Could Donald Trump delay the election to save himself?
PUBLISHED: 17:13 07 June 2020 | UPDATED: 17:13 07 June 2020
With the US leader likely to face a plethora of investigations and possible legal proceedings the moment he is no longer a sitting president, MITCH BENN wonders if Trump might use national crisis as an excuse to delay this November’s election.
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The trouble with populism is that it’s empty. It’s like a slick advertisement advertising nothing except itself.
If your sole agenda is your own advancement and your sole selling point is your own fabulousness, then once that advancement has been achieved you’ve got nothing left to sell, and nothing to work towards except your own preservation. So that – your own preservation – becomes your new, and only, agenda.
All over social media I’m seeing people wailing “Who could possibly have foreseen that the Trump presidency would end like this?” To those people I would say: 1.) What makes you think it’s “ending”, and 2.) In answer to your question, everyone. Literally everyone knew that it would come to this. Everyone paying attention, in any case.
What we’re seeing the United States undergo right now is like the transitional phase you see kleptocracies pass through on their way to becoming a dictatorship. We’ve seen this pattern repeated all over the world in the last couple of centuries.
Prior to the last couple of centuries, men like Trump, having come to power through whatever means, would simply declare themselves king and sit back to rule for life. But since most countries are now republics it’s become necessary for such rulers to find ways of subverting their nations’ constitutions in order to make themselves president for life.
And it is, from their point of view anyway, absolutely necessary. By the time such a ruler has been in power for more than a couple of years, he’s generally committed so many crimes against his own state and people (whether it’s just helping himself to the nation’s wealth or ‘disappearing’ his opponents and critics) that it’s only his position, and the control it affords him over the police, judiciary and military that’s keeping him out of jail.
Even if he grows bored of power, he can’t afford to relinquish it as that power is the only thing keeping him alive. So he has to do whatever it takes to bypass democracy and keep himself in the presidential palace until it’s safe to confer his title onto one of his sons (or daughter, perhaps, should his sons happen to be a couple of goofy-teethed feckless dough-brained frat boys).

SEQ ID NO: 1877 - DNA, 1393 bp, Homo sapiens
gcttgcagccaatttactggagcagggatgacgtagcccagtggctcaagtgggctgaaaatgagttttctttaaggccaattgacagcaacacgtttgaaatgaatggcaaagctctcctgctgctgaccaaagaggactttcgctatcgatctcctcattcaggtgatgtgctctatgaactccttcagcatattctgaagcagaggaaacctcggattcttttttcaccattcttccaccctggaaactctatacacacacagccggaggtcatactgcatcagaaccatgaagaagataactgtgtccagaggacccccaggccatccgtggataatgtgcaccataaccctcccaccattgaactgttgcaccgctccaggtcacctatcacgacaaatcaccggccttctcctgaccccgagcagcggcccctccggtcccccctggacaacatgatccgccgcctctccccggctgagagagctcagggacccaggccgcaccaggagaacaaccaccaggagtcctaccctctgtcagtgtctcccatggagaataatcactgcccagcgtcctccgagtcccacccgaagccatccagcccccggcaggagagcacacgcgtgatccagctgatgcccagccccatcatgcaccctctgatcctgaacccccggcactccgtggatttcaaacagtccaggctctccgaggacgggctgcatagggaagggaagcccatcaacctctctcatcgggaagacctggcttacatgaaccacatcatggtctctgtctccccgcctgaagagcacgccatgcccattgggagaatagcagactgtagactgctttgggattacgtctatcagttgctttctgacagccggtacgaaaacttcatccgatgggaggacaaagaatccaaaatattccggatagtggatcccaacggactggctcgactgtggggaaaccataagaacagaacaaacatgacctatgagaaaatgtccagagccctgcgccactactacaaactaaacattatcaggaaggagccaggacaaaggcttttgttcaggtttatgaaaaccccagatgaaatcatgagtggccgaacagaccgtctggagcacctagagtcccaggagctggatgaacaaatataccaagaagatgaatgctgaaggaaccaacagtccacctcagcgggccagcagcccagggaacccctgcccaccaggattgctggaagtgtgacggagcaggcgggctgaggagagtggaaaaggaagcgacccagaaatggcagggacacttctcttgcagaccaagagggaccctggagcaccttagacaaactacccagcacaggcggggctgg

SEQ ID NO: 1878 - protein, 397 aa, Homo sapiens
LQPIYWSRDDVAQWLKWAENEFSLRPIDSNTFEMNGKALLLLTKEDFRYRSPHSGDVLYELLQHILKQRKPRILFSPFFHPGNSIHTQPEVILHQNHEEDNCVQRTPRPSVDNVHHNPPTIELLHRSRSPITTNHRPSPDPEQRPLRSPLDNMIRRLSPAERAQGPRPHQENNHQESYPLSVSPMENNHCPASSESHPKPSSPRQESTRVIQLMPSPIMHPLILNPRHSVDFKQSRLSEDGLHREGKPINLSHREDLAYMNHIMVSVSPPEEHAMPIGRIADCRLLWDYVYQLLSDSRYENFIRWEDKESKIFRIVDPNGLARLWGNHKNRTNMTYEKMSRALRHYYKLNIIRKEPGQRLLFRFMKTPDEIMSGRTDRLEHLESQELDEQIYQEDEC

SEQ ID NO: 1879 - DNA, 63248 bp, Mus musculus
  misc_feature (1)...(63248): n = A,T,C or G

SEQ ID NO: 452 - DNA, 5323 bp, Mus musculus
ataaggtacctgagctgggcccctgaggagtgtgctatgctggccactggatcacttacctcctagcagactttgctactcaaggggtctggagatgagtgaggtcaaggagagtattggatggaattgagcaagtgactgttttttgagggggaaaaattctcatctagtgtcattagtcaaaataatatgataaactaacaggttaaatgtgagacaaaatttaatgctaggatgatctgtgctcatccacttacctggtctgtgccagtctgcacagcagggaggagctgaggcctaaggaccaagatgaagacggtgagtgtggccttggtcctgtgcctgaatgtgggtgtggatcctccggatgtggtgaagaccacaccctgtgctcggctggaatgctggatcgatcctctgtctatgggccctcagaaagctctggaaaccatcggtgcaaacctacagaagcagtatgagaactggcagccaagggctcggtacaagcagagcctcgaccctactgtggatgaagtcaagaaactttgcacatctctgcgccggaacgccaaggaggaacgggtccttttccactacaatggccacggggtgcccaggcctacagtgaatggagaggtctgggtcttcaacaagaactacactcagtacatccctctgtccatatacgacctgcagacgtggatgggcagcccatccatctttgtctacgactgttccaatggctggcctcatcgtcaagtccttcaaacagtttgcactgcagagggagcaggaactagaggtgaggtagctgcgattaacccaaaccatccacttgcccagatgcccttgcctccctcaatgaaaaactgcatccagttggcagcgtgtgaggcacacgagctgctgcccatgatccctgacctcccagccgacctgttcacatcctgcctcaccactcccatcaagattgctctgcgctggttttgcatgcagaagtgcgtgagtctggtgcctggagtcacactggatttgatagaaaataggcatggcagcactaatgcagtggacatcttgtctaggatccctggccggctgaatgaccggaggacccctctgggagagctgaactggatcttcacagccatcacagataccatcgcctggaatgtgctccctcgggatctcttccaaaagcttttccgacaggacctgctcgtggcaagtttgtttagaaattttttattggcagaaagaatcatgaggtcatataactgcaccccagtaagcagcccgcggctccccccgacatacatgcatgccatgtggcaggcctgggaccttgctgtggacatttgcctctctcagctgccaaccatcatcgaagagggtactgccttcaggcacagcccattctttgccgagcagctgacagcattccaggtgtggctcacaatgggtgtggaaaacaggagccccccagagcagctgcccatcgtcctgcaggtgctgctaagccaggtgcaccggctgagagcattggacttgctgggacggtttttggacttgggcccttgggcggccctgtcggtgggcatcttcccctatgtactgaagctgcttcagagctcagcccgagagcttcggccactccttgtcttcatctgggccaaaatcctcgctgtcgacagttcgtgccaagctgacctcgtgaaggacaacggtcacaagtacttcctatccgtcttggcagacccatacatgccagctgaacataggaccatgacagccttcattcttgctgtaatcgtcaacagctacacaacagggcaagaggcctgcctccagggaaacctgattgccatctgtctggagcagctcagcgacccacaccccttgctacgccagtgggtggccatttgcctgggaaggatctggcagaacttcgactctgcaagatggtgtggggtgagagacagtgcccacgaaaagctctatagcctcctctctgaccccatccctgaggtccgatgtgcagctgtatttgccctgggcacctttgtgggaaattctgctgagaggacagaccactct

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Such is now the case with Donald Trump. Only the convention that one does not indict a sitting president, and the supine cravenness of the Republican senate have prevented him from being prosecuted on allegations of misdeeds committed over his three and a half years in office (and the period immediately before this).
Trump does not know much about anything but what he does know how to do is survive, and he will understand that if he leaves office next January 20, unless he’s signed some sort of Nixonian immunity deal, he can expect to be pursued vigorously on all these matters by the incoming administration.
Given that he’ll be 74 years old by then and is not, despite his glowing “medical reports” and proclamations of physical perfection, what you’d call a picture of health, this is a chilling prospect for the president.
So as it stands, Trump has three choices: 1.) Die in prison; 2.) Win in November; 3.) Find some way of preventing/nullifying November’s election.
About 10 years ago I wrote a song called State of Emergency (it’s on Spotify) in which I flagged up the tendency of weakened heads of state to, when faced with being voted out, precipitate a national crisis, award themselves limitless ‘emergency powers’ and postpone the election until... whenever.
I forget which country’s Beloved Leader had just pulled this stunt at the time; I don’t think I ever expected to see it happen in America.
It shouldn’t surprise anyone that it’s the outburst of black anger at the death of George Floyd at the hands (or rather knee) of an arresting police officer upon which Trump has chosen to build his crisis of opportunity; this is, after all, the man who entered politics by declaring Barack Obama a Kenyan Muslim interloper and launched his campaign by calling Mexican immigrants rapists.
I’m not sure what emergency powers the US constitution allows a president to award himself but I’m sure Trump and his attorney general will try to find a way around this. After all, if Trump merely cancels the election, his (and vice president Mike Pence’s) term still expires on January 20.
If no new president has been appointed by then, as it stands, the constitution would appoint the speaker of the House (ie. Trump arch-nemesis Nancy Pelosi) as acting president. A fate worse than death as far is Trump is concerned.
But take heart, Americans; at least you will, in theory, have a shot at removing Trump before the end of the year. Unless something truly unexpected happens, we’re saddled with our bizarrely coiffed, lazy, mendacious, debauched, vacuous, narcissistic ‘populist’ until 2024.
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Almost four years after its creation The New European goes from strength to strength across print and online, offering a pro-European perspective on Brexit and reporting on the political response to the coronavirus outbreak, climate change and international politics. But we can only rebalance the right wing extremes of much of the UK national press with your support. If you value what we are doing, you can help us by making a contribution to the cost of our journalism.Become a supporter